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Toyota future decided by June next year

Joshua Dowling

21 Nov 2013 • 3 min read

Toyota Australia’s manufacturing future will be decided in "the first half of 2014", giving the company little time to achieve drastic cost-reduction targets, a move which threatens to grind the entire industry to a halt.

The revelation comes as Toyota admitted for the first time that Holden’s factory closure would make it more difficult to maintain its Australian operations.

"If Holden were to leave it would be very difficult [to achieve cost savings from parts suppliers]," the executive director of sales and marketing at Toyota Australia, Tony Cramb, told Australian media at the Tokyo motor show. "I’m not saying it’s impossible, I’m just saying it makes it far more difficult.

"If Holden goes … it would be more difficult for suppliers [to cut their production costs].

A day earlier, the global CEO of Toyota, Akio Toyoda, and the executive vice president and member of the board of Toyota, Nobuyori Kodaira, told Australian media in Tokyo that supplier costs were key to the survival of the Altona factory.

Toyota’s June 2014 deadline, revealed overnight, is earlier than had previously been forecast.

It means Holden and Toyota could announce factory shutdowns within months, and bring an end to more than 90 years of automotive manufacturing in Australia.

"The next-generation Camry decision gets made in 2014, probably in the first half of 2014," said Mr Cramb.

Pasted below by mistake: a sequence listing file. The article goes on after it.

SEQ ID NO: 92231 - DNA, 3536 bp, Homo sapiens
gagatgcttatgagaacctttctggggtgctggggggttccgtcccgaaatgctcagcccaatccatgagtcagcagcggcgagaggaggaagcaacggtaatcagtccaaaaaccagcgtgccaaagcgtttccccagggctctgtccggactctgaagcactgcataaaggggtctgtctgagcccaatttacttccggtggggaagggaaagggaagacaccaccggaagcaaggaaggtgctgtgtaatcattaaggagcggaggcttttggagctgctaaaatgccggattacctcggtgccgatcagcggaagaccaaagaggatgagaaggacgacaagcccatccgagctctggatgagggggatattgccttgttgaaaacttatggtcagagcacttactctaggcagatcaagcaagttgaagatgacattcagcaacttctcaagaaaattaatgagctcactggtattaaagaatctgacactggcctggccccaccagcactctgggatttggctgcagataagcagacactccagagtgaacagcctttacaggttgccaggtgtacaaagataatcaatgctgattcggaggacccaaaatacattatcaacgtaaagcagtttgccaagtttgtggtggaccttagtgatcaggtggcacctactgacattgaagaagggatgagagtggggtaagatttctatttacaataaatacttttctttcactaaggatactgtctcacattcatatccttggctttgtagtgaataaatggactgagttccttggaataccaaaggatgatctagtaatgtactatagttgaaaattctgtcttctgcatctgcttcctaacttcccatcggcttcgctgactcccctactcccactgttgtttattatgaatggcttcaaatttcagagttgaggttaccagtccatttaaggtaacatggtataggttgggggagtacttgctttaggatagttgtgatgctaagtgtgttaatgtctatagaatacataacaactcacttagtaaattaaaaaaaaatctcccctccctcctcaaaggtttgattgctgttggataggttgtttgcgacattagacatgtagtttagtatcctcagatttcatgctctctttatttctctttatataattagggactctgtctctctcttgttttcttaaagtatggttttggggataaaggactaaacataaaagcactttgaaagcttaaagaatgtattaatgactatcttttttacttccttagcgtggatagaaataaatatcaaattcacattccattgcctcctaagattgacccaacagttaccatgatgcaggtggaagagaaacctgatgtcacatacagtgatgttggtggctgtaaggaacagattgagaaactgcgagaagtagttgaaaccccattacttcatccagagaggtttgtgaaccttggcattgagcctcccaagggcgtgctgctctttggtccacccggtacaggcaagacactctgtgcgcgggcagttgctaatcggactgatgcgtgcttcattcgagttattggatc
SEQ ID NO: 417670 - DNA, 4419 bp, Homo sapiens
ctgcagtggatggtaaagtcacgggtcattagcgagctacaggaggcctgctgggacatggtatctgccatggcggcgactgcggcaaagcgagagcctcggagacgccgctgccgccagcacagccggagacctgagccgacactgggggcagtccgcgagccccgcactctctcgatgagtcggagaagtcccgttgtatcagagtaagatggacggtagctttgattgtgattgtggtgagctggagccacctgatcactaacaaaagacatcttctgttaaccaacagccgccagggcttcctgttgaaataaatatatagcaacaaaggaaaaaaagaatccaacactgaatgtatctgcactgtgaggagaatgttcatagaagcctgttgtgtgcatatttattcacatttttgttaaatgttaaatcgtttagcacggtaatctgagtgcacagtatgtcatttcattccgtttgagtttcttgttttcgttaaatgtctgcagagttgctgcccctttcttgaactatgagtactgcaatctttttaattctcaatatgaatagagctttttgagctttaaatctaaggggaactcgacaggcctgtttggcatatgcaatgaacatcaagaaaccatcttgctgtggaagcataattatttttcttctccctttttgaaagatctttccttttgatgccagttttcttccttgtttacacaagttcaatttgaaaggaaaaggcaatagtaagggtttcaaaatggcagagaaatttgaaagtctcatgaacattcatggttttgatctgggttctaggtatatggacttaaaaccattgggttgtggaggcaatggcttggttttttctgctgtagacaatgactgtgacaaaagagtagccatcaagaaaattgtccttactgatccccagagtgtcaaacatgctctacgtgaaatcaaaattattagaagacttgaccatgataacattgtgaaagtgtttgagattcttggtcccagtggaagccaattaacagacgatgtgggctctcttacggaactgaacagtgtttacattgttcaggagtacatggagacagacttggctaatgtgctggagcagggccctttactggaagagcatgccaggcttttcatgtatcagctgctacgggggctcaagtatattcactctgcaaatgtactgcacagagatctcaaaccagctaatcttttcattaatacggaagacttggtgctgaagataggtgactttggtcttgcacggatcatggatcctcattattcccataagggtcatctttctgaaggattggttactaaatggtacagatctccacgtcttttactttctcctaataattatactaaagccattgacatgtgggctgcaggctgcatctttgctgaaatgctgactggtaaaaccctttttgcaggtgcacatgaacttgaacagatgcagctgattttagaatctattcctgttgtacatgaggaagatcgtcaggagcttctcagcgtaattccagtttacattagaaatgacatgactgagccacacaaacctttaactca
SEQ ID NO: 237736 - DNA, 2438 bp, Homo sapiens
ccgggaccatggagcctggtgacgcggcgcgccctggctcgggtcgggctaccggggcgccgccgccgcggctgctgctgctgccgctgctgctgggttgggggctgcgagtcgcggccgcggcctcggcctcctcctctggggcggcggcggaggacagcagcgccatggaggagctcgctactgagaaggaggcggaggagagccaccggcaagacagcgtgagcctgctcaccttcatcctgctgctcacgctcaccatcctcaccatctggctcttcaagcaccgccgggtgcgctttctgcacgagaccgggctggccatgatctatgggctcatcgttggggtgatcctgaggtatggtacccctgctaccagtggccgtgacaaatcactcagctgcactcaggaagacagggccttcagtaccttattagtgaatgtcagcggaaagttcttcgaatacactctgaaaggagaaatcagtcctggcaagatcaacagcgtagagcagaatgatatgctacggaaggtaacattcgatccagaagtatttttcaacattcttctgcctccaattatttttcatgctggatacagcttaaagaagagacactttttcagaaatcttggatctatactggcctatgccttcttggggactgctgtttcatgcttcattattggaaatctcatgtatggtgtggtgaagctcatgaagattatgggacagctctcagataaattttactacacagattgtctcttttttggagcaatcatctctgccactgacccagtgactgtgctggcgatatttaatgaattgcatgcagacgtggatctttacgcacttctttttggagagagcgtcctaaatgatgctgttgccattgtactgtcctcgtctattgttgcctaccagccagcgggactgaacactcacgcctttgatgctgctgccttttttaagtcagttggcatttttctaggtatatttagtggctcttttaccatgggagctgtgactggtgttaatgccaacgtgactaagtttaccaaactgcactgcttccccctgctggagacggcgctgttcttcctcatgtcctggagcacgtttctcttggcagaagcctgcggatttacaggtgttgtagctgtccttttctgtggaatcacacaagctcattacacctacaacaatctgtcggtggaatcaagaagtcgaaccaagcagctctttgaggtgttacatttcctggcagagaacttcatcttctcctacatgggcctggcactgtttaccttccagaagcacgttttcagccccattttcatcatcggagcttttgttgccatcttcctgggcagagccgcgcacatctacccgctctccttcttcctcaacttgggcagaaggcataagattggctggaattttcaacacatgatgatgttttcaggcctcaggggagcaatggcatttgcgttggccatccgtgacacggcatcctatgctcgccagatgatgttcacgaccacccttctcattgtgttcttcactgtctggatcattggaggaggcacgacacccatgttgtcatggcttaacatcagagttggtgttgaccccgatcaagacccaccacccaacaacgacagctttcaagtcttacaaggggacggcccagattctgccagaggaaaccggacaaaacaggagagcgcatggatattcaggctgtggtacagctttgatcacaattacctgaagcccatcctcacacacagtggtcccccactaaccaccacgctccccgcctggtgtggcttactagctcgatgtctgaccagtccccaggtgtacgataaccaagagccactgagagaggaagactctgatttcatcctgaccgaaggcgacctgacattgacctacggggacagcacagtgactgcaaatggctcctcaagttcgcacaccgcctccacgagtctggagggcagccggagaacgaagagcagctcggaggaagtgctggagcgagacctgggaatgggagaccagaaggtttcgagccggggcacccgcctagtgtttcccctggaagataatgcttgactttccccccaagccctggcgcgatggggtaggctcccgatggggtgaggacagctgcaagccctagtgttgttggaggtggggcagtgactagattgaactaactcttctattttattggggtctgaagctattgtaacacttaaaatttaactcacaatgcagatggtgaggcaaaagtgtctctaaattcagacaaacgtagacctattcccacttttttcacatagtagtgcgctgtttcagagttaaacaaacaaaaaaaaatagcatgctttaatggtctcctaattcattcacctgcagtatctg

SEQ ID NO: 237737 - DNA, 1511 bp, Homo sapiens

"We have to show them [Toyota Japan] the plan that they are convinced we can achieve in order to become globally competitive [compared to other Toyota factories which also make the Camry]."

Mr Cramb was referring to an ambitious target to slash $3800 -- or about 15 per cent -- from the manufacturing cost of each Camry it builds, a target widely regarded by industry insiders as too high to meet.

It now seems the livelihoods of 2200 factory workers employed on the Toyota production line in Altona on the outskirts of Melbourne are under the same cloud as the 1700 factory workers employed on the Holden production line in Elizabeth near Adelaide.

In addition, the jobs of about 6000 workers in South Australia and 18,000 workers in Victoria, who are employed at parts suppliers, are also in grave danger.

Toyota and Holden are facing critical internal deadlines set by their parent companies, which are in the process of allocating investment in factories to build new generation cars beyond 2016.

The lead times are so long because it takes at least three years to ramp-up production of all-new models.

A day earlier, Mr Kodaira said: "In Australia currently we are having a difficult situation. Because this is a business we need to have economic viability.

"In order to continue the manufacturing there, we are cooperating with our suppliers on activities such as rationalisation and also cost reduction. We definitely think those activities are necessary."

Mr Toyoda, the great grandson of company founder Sakichi Toyoda, said: "We have a very long history in operating in Australia. So going forward, working closely with our suppliers in Australia, we would like to aim at achieving sustainable growth."

Last month Toyota Australia said it was well progressed with a five-year plan to save $3800 in the production cost of each car, or about $400 million each year.

But the next round of cost-savings over the next three years are proving difficult to achieve, the company said.

Toyota Australia’s Altona facility on the outskirts of Melbourne is one of nine factories where the Camry is made, including two in North America and one each in Japan, China, Russia, Thailand, Taiwan and Vietnam.

This reporter is on Twitter: @JoshuaDowling


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